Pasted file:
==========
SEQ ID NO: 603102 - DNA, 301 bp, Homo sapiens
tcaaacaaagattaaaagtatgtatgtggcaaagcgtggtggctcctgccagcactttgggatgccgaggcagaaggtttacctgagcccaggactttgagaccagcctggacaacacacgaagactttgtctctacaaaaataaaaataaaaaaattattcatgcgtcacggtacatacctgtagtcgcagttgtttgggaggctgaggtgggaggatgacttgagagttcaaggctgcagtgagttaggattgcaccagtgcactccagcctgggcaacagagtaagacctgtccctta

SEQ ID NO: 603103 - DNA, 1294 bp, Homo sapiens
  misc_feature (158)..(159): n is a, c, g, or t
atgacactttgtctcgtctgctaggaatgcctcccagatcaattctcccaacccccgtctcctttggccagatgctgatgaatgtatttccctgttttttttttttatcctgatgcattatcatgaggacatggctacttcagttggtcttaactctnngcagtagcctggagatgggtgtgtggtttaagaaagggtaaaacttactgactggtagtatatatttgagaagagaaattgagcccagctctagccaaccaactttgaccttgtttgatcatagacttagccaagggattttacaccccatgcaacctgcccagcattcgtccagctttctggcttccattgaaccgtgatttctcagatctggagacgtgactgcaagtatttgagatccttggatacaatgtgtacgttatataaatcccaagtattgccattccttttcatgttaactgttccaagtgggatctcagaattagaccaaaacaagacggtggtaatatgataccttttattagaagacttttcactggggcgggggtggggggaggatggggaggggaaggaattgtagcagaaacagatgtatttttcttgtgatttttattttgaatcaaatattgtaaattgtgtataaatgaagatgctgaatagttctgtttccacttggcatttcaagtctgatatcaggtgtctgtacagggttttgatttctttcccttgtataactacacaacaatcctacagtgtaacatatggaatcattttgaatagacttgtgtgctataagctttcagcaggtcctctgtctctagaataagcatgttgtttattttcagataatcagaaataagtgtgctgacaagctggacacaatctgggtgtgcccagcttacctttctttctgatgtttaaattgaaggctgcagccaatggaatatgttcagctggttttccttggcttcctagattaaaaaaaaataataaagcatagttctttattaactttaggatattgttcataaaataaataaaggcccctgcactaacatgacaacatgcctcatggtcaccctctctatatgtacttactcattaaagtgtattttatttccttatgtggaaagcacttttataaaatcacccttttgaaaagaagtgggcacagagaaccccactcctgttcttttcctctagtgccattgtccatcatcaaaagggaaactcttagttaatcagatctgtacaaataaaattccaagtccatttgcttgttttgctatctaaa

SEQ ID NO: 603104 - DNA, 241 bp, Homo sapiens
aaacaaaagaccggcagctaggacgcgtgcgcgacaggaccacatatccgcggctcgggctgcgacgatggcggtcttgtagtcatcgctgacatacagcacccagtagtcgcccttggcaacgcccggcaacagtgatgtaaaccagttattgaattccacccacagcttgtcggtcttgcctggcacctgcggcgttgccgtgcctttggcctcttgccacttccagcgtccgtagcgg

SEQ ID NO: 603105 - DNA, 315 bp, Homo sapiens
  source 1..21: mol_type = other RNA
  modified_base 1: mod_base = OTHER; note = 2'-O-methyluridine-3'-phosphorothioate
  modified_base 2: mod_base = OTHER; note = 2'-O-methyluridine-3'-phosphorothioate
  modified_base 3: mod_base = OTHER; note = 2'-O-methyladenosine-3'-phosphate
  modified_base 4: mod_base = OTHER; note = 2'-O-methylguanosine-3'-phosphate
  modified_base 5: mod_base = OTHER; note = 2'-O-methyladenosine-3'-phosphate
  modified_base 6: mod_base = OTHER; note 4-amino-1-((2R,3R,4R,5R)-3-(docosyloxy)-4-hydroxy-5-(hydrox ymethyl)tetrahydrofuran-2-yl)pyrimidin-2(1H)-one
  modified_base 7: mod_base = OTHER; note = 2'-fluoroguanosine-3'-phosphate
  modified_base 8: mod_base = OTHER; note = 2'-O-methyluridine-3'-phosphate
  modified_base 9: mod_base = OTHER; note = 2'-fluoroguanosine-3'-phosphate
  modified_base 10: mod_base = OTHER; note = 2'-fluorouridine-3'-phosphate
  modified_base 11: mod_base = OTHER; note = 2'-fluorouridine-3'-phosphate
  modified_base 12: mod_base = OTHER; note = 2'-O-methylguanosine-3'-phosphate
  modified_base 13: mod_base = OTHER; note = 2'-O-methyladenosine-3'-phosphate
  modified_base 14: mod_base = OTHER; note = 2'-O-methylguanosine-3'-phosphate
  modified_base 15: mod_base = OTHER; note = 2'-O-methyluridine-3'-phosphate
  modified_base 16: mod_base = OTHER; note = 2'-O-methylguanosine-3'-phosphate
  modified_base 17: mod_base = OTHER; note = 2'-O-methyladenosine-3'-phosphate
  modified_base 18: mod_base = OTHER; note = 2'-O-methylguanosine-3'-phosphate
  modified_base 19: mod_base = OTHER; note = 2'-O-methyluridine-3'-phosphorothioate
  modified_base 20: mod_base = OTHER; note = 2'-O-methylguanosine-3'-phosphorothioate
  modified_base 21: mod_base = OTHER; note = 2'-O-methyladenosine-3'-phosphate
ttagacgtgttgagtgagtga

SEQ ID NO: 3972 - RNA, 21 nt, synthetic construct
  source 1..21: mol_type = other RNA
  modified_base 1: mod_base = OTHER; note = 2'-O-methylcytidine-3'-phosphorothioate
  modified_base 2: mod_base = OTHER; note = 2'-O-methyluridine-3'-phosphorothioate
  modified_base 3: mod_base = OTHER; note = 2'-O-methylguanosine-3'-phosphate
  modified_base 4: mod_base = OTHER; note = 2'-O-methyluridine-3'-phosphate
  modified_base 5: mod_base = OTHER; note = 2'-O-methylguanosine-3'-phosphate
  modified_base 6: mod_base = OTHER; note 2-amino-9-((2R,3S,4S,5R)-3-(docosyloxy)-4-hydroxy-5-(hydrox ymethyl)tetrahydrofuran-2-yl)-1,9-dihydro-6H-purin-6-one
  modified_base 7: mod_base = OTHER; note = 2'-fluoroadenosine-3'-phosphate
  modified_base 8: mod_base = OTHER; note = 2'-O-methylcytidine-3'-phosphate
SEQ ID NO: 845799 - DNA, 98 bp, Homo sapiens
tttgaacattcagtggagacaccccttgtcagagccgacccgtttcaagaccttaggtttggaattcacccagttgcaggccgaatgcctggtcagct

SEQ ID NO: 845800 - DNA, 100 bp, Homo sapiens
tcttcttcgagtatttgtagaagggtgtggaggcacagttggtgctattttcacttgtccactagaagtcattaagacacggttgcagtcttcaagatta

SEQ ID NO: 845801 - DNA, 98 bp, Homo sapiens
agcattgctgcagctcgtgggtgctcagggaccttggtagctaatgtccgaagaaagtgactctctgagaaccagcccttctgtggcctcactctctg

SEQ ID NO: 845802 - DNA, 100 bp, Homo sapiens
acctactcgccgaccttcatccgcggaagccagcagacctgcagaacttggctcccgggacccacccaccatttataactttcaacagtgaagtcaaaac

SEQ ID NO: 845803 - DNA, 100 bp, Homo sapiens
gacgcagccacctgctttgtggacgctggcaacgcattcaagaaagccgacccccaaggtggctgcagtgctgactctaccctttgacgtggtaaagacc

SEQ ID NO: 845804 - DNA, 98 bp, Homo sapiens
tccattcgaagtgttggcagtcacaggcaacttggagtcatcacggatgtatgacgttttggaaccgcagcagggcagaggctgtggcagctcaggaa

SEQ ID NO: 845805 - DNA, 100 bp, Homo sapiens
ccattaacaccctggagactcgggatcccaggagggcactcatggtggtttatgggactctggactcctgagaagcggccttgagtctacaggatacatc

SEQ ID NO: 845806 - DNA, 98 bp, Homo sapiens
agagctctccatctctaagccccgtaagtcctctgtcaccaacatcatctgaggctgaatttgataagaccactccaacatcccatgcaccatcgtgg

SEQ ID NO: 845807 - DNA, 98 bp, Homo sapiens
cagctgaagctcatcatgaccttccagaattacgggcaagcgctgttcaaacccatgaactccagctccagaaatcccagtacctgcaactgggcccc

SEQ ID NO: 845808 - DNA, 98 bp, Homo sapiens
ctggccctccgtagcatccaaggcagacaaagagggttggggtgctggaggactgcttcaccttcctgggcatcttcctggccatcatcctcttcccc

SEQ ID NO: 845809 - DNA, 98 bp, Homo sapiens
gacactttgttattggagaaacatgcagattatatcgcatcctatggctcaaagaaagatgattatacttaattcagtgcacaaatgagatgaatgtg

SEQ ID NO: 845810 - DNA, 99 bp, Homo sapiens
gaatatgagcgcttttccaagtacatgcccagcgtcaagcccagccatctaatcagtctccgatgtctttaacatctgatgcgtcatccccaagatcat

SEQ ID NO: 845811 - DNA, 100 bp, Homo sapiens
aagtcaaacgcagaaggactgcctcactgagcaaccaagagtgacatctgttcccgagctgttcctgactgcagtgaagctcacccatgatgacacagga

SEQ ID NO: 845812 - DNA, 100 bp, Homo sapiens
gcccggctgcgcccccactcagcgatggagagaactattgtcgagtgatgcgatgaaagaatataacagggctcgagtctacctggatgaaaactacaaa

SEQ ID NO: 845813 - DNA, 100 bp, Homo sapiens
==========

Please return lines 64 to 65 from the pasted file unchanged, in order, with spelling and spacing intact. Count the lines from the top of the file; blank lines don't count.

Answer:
SEQ ID NO: 845810 - DNA, 99 bp, Homo sapiens
gaatatgagcgcttttccaagtacatgcccagcgtcaagcccagccatctaatcagtctccgatgtctttaacatctgatgcgtcatccccaagatcat